Washington Garmon testified that he lived at 1633 West Madison and on the day in question, at 12 p.m., his automobile was "at the house." He described his car as a four-door, brown, Bel Air, 1963 Chevrolet. He said the lock and chain recovered from the Chevrolet by Officer Seuss belonged to him and that these items were used to prevent his battery from being stolen by apparently securing the engine hood. On cross-examination he testified he was 71 years old. The court overruled an objection to strike Mr. Garmon's testimony on the ground that he did not have the ability to understand questions and narrate answers.

Alberta Anderson testified that she lives at 1633 West Madison Street. She left her 1964 off-white Buick, with its hood down, in a back lot on Paulina and Madison Street, on Saturday, June 21, 1975. She next saw her car Sunday evening following a conversation with a police officer. She went down into the lot and saw her car with the hood up and the side vent window "pushed all the way around." The defendant did not offer any witness.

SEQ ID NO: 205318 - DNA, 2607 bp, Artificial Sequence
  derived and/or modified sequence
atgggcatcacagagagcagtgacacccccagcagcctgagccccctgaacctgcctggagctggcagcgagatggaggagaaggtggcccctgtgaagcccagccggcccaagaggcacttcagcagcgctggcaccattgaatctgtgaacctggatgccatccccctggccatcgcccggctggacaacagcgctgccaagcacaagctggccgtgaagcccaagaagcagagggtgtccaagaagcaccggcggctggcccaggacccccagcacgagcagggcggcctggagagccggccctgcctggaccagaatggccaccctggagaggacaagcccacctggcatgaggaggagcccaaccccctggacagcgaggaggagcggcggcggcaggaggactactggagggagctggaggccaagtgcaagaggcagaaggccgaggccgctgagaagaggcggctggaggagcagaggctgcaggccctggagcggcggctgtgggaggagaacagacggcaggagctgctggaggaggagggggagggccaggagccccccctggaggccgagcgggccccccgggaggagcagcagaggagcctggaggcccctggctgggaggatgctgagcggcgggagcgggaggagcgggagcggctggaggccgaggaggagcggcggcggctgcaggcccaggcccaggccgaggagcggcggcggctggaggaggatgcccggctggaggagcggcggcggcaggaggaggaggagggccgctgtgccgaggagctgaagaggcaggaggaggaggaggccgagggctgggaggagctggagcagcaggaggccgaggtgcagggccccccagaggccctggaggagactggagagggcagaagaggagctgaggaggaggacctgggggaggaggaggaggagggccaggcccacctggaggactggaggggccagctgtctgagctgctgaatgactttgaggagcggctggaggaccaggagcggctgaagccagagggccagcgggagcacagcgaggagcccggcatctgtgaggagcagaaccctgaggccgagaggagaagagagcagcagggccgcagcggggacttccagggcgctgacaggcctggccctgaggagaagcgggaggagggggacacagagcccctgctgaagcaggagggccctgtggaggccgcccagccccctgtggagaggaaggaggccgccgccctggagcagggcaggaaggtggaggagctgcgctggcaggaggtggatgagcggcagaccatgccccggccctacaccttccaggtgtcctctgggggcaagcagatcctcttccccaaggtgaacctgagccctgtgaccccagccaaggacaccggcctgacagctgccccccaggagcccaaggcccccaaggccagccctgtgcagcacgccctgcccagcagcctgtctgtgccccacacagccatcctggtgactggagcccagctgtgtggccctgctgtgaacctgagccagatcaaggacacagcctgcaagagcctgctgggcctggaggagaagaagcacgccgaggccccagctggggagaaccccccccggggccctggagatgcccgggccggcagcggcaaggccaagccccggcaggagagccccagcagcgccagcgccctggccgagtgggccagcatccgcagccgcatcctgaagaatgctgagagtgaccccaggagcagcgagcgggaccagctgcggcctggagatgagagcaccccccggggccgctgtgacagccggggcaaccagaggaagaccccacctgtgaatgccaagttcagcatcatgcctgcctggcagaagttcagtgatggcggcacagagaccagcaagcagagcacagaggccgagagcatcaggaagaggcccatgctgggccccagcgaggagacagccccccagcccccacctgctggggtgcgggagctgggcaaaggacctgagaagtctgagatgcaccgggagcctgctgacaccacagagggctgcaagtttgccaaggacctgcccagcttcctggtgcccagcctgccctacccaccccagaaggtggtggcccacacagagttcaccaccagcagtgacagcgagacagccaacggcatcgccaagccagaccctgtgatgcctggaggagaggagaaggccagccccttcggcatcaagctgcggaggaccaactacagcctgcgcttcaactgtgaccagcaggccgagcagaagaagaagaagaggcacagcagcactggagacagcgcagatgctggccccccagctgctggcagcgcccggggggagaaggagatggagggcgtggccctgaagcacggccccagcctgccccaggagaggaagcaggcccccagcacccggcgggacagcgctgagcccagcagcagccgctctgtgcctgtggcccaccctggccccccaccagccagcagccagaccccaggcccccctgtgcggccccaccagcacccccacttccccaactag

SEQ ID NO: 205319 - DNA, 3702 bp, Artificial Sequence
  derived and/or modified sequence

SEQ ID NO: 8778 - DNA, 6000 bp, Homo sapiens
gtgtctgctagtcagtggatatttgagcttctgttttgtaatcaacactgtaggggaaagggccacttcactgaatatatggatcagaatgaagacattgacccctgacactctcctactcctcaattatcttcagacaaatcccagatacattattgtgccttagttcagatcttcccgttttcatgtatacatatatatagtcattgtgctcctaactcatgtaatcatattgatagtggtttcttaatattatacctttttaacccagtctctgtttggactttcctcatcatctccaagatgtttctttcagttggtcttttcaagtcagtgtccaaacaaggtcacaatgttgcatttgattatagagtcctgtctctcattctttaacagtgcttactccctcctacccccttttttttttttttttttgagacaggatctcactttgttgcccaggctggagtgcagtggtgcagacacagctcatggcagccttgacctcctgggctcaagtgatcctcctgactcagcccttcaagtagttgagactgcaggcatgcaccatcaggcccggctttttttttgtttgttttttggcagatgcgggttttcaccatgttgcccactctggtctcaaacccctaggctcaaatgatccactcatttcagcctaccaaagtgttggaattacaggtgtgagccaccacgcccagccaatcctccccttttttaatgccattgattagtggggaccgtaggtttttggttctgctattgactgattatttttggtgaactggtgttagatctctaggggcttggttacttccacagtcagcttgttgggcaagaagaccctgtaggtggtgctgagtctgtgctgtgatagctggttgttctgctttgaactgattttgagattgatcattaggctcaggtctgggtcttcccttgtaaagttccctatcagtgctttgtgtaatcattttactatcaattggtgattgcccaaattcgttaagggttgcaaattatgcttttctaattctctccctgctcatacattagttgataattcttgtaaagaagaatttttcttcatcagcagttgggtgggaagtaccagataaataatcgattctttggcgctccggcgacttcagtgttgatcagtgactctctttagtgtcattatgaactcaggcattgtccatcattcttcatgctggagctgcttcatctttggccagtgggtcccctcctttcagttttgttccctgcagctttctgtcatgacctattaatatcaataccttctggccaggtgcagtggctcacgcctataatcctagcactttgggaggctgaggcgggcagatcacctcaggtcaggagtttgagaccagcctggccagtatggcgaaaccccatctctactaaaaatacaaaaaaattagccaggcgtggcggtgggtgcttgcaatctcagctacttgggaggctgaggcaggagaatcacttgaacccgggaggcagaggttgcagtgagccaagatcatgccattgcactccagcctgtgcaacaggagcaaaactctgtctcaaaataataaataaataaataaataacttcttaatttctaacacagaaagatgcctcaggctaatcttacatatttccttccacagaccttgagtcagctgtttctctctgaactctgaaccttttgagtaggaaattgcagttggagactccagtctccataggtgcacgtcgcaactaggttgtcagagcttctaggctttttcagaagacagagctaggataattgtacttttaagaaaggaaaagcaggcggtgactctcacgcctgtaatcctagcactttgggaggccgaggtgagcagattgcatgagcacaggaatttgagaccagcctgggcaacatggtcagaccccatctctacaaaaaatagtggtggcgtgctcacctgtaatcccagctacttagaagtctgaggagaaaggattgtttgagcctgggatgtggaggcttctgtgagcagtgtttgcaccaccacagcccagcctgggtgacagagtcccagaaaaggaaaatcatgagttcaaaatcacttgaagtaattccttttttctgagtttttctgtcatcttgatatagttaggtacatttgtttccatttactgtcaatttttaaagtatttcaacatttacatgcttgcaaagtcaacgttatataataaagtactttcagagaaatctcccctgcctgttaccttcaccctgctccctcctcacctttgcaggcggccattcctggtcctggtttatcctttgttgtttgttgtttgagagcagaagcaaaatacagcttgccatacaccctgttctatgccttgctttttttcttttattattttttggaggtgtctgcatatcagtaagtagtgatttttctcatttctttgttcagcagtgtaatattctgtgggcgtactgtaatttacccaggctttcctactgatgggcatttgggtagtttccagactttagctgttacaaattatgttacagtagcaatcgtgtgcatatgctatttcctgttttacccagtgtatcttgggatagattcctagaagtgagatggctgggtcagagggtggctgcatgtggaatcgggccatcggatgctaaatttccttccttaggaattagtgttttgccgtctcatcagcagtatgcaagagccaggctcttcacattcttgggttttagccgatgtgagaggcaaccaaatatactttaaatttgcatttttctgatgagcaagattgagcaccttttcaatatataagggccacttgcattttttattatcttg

• 1 Defendant contends the State did not properly identify the vehicles and did not prove lack of authority or ownership of the vehicles. In People v. Acevedo (1972), 5 Ill. App.3d 968, 284 N.E.2d 488, cited by defendant, the arresting officer did not identify the vehicle other than as "a car with no light" and the court held the evidence did not prove the vehicle defendant entered was the same vehicle described in the complaint as the property of the complainant. In this case, the police officer identified the vehicles he saw at 1633 West Madison, as a 1964 Buick and a 1963 Chevrolet. The hoods of both vehicles were up. When Alberta Anderson identified the vehicle in that lot at 1633 West Madison Street shortly thereafter, the hood of her car was raised. The fact that the complaint described the 1964 Buick as "beige" and Alberta Anderson described it as "off-white," if it is an inconsistency, is not a significant one. Washington Garmon testified he had left his 1963 Chevrolet in the lot at 1633 West Madison Street about six hours prior to defendant's arrest. We believe that the evidence here was sufficient to establish that the vehicles described in the complaints belonged to Alberta Anderson and Washington Garmon.